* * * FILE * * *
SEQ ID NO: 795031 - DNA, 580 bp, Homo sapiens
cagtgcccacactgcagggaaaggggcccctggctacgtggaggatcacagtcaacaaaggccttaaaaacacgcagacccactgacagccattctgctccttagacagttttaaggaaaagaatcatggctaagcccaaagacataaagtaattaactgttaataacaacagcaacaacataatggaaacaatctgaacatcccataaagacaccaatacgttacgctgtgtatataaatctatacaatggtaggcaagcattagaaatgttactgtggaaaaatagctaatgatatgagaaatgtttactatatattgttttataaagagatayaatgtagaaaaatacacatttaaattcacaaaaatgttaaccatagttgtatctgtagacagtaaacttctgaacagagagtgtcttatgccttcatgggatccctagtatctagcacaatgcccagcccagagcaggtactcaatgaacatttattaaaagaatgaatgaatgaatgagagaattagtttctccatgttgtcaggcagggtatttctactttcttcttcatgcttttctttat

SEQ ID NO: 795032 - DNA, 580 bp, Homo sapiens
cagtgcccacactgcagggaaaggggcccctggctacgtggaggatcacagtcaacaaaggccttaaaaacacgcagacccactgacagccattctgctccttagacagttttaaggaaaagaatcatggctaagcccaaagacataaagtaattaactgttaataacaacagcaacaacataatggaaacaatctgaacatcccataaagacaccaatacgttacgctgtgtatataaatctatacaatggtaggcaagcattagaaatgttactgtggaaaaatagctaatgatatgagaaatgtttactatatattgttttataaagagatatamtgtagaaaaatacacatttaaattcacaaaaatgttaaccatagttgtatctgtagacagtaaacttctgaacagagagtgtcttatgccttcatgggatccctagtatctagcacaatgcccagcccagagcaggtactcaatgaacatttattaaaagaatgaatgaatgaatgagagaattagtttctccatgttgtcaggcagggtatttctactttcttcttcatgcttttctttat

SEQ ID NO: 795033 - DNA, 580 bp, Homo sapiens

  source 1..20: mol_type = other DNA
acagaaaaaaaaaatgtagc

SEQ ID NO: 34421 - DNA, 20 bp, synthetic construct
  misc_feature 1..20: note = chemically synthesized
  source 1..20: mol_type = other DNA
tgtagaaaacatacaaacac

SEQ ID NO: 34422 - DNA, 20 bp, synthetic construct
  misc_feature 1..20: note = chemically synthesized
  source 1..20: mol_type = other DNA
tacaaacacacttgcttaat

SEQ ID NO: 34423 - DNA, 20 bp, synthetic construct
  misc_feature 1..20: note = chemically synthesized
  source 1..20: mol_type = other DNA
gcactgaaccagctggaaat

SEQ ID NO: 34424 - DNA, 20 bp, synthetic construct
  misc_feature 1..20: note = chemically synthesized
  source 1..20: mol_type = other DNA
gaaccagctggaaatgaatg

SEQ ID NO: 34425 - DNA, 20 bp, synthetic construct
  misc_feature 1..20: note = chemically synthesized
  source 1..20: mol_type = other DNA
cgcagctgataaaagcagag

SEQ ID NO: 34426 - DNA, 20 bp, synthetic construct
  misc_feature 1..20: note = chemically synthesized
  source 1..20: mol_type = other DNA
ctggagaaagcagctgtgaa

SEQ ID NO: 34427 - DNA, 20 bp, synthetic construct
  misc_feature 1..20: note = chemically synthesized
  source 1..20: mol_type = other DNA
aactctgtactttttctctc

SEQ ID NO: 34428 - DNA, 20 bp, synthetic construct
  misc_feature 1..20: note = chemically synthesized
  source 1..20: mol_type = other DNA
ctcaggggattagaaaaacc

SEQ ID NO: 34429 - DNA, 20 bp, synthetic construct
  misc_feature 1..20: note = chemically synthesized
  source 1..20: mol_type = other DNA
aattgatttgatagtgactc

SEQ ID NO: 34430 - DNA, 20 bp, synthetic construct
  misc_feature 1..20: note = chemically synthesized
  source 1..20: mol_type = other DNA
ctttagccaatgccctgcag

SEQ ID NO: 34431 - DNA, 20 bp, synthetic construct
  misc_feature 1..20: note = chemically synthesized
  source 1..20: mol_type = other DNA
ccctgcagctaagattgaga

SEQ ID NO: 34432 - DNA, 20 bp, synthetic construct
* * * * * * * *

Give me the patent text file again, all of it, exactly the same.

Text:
SEQ ID NO: 795031 - DNA, 580 bp, Homo sapiens
cagtgcccacactgcagggaaaggggcccctggctacgtggaggatcacagtcaacaaaggccttaaaaacacgcagacccactgacagccattctgctccttagacagttttaaggaaaagaatcatggctaagcccaaagacataaagtaattaactgttaataacaacagcaacaacataatggaaacaatctgaacatcccataaagacaccaatacgttacgctgtgtatataaatctatacaatggtaggcaagcattagaaatgttactgtggaaaaatagctaatgatatgagaaatgtttactatatattgttttataaagagatayaatgtagaaaaatacacatttaaattcacaaaaatgttaaccatagttgtatctgtagacagtaaacttctgaacagagagtgtcttatgccttcatgggatccctagtatctagcacaatgcccagcccagagcaggtactcaatgaacatttattaaaagaatgaatgaatgaatgagagaattagtttctccatgttgtcaggcagggtatttctactttcttcttcatgcttttctttat

SEQ ID NO: 795032 - DNA, 580 bp, Homo sapiens
cagtgcccacactgcagggaaaggggcccctggctacgtggaggatcacagtcaacaaaggccttaaaaacacgcagacccactgacagccattctgctccttagacagttttaaggaaaagaatcatggctaagcccaaagacataaagtaattaactgttaataacaacagcaacaacataatggaaacaatctgaacatcccataaagacaccaatacgttacgctgtgtatataaatctatacaatggtaggcaagcattagaaatgttactgtggaaaaatagctaatgatatgagaaatgtttactatatattgttttataaagagatatamtgtagaaaaatacacatttaaattcacaaaaatgttaaccatagttgtatctgtagacagtaaacttctgaacagagagtgtcttatgccttcatgggatccctagtatctagcacaatgcccagcccagagcaggtactcaatgaacatttattaaaagaatgaatgaatgaatgagagaattagtttctccatgttgtcaggcagggtatttctactttcttcttcatgcttttctttat

SEQ ID NO: 795033 - DNA, 580 bp, Homo sapiens

  source 1..20: mol_type = other DNA
acagaaaaaaaaaatgtagc

SEQ ID NO: 34421 - DNA, 20 bp, synthetic construct
  misc_feature 1..20: note = chemically synthesized
  source 1..20: mol_type = other DNA
tgtagaaaacatacaaacac

SEQ ID NO: 34422 - DNA, 20 bp, synthetic construct
  misc_feature 1..20: note = chemically synthesized
  source 1..20: mol_type = other DNA
tacaaacacacttgcttaat

SEQ ID NO: 34423 - DNA, 20 bp, synthetic construct
  misc_feature 1..20: note = chemically synthesized
  source 1..20: mol_type = other DNA
gcactgaaccagctggaaat

SEQ ID NO: 34424 - DNA, 20 bp, synthetic construct
  misc_feature 1..20: note = chemically synthesized
  source 1..20: mol_type = other DNA
gaaccagctggaaatgaatg

SEQ ID NO: 34425 - DNA, 20 bp, synthetic construct
  misc_feature 1..20: note = chemically synthesized
  source 1..20: mol_type = other DNA
cgcagctgataaaagcagag

SEQ ID NO: 34426 - DNA, 20 bp, synthetic construct
  misc_feature 1..20: note = chemically synthesized
  source 1..20: mol_type = other DNA
ctggagaaagcagctgtgaa

SEQ ID NO: 34427 - DNA, 20 bp, synthetic construct
  misc_feature 1..20: note = chemically synthesized
  source 1..20: mol_type = other DNA
aactctgtactttttctctc

SEQ ID NO: 34428 - DNA, 20 bp, synthetic construct
  misc_feature 1..20: note = chemically synthesized
  source 1..20: mol_type = other DNA
ctcaggggattagaaaaacc

SEQ ID NO: 34429 - DNA, 20 bp, synthetic construct
  misc_feature 1..20: note = chemically synthesized
  source 1..20: mol_type = other DNA
aattgatttgatagtgactc

SEQ ID NO: 34430 - DNA, 20 bp, synthetic construct
  misc_feature 1..20: note = chemically synthesized
  source 1..20: mol_type = other DNA
ctttagccaatgccctgcag

SEQ ID NO: 34431 - DNA, 20 bp, synthetic construct
  misc_feature 1..20: note = chemically synthesized
  source 1..20: mol_type = other DNA
ccctgcagctaagattgaga

SEQ ID NO: 34432 - DNA, 20 bp, synthetic construct